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Slipped disc, MRI

Slipped disc, MRI

M330/1389

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Credit

DR P. MARAZZI / SCIENCE PHOTO LIBRARY DR P. MARAZZI / SCIENCE PHOTO LIBRARY

Caption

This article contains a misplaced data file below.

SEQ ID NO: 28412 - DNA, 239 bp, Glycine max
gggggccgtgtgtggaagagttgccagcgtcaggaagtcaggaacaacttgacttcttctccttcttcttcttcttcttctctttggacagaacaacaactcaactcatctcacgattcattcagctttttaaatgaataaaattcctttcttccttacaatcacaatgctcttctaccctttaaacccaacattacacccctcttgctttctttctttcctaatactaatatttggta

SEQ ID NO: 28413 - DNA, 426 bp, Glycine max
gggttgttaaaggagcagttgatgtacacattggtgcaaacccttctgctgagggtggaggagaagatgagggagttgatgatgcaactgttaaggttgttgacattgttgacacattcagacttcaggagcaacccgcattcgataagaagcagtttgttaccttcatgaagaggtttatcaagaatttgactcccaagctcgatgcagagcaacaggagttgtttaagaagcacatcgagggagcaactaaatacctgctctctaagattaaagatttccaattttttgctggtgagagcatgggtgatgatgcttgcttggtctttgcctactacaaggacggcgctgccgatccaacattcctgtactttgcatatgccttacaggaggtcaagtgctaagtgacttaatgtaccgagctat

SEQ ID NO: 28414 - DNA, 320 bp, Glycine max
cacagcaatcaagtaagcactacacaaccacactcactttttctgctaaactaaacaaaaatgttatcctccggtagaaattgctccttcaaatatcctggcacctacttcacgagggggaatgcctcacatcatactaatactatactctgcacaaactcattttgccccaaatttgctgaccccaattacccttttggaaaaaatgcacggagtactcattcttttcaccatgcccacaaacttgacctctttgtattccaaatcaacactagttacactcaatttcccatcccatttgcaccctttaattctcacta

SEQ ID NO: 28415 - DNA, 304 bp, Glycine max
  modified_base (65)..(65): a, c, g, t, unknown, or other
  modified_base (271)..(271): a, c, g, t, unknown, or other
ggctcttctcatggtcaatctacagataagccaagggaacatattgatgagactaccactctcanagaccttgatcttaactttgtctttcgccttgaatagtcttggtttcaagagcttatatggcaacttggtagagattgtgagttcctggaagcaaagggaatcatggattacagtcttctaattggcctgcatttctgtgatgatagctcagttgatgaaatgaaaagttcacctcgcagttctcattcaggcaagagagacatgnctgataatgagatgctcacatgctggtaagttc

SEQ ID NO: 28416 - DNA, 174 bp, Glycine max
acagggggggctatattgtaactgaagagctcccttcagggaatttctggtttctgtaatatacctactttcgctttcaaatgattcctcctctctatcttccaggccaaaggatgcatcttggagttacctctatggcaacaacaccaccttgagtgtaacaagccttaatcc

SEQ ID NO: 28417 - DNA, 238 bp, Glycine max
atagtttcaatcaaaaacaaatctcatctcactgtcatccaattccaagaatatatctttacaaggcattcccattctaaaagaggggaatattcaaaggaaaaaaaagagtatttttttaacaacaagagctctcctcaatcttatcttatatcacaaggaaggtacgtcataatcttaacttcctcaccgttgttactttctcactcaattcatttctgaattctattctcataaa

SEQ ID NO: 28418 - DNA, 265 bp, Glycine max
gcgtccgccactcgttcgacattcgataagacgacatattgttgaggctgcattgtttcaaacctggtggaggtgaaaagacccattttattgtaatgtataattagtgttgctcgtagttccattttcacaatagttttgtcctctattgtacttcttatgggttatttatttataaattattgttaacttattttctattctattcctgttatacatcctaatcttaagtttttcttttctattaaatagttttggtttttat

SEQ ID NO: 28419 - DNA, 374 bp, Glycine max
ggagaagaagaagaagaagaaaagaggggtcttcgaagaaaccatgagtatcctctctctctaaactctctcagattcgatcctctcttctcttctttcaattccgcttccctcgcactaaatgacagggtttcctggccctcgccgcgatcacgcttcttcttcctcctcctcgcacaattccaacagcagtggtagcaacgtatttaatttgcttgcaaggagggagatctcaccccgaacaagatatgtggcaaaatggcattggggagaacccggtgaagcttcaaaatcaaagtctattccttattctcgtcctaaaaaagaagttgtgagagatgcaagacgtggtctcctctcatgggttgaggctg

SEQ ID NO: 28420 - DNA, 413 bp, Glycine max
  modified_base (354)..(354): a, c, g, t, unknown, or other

Slipped disc. Magnetic resonance imaging (MRI) scan of the spine of a 75 year old woman with a slipped (herniated) lumbar (lower back) intervertebral disc. The back of the body is at right. The spine consists of blocks of bone called vertebrae. Adjacent vertebrae are cushioned by flexible pads of cartilage called intervertebral discs (oval at centre). The bony processes of a vertebra (black) are seen above and below the disc. The spinal cord (light area at centre right of disc) runs down the centre of the vertebrae. The disc here has ruptured and its internal jelly- like fluid has leaked (bottom right of disc) and is putting pressure on a spinal nerve that leads from the spinal cord. This can cause severe pain and paralysis. Most slipped discs heal with rest and anti-inflammatory drugs, although some may require surgery.

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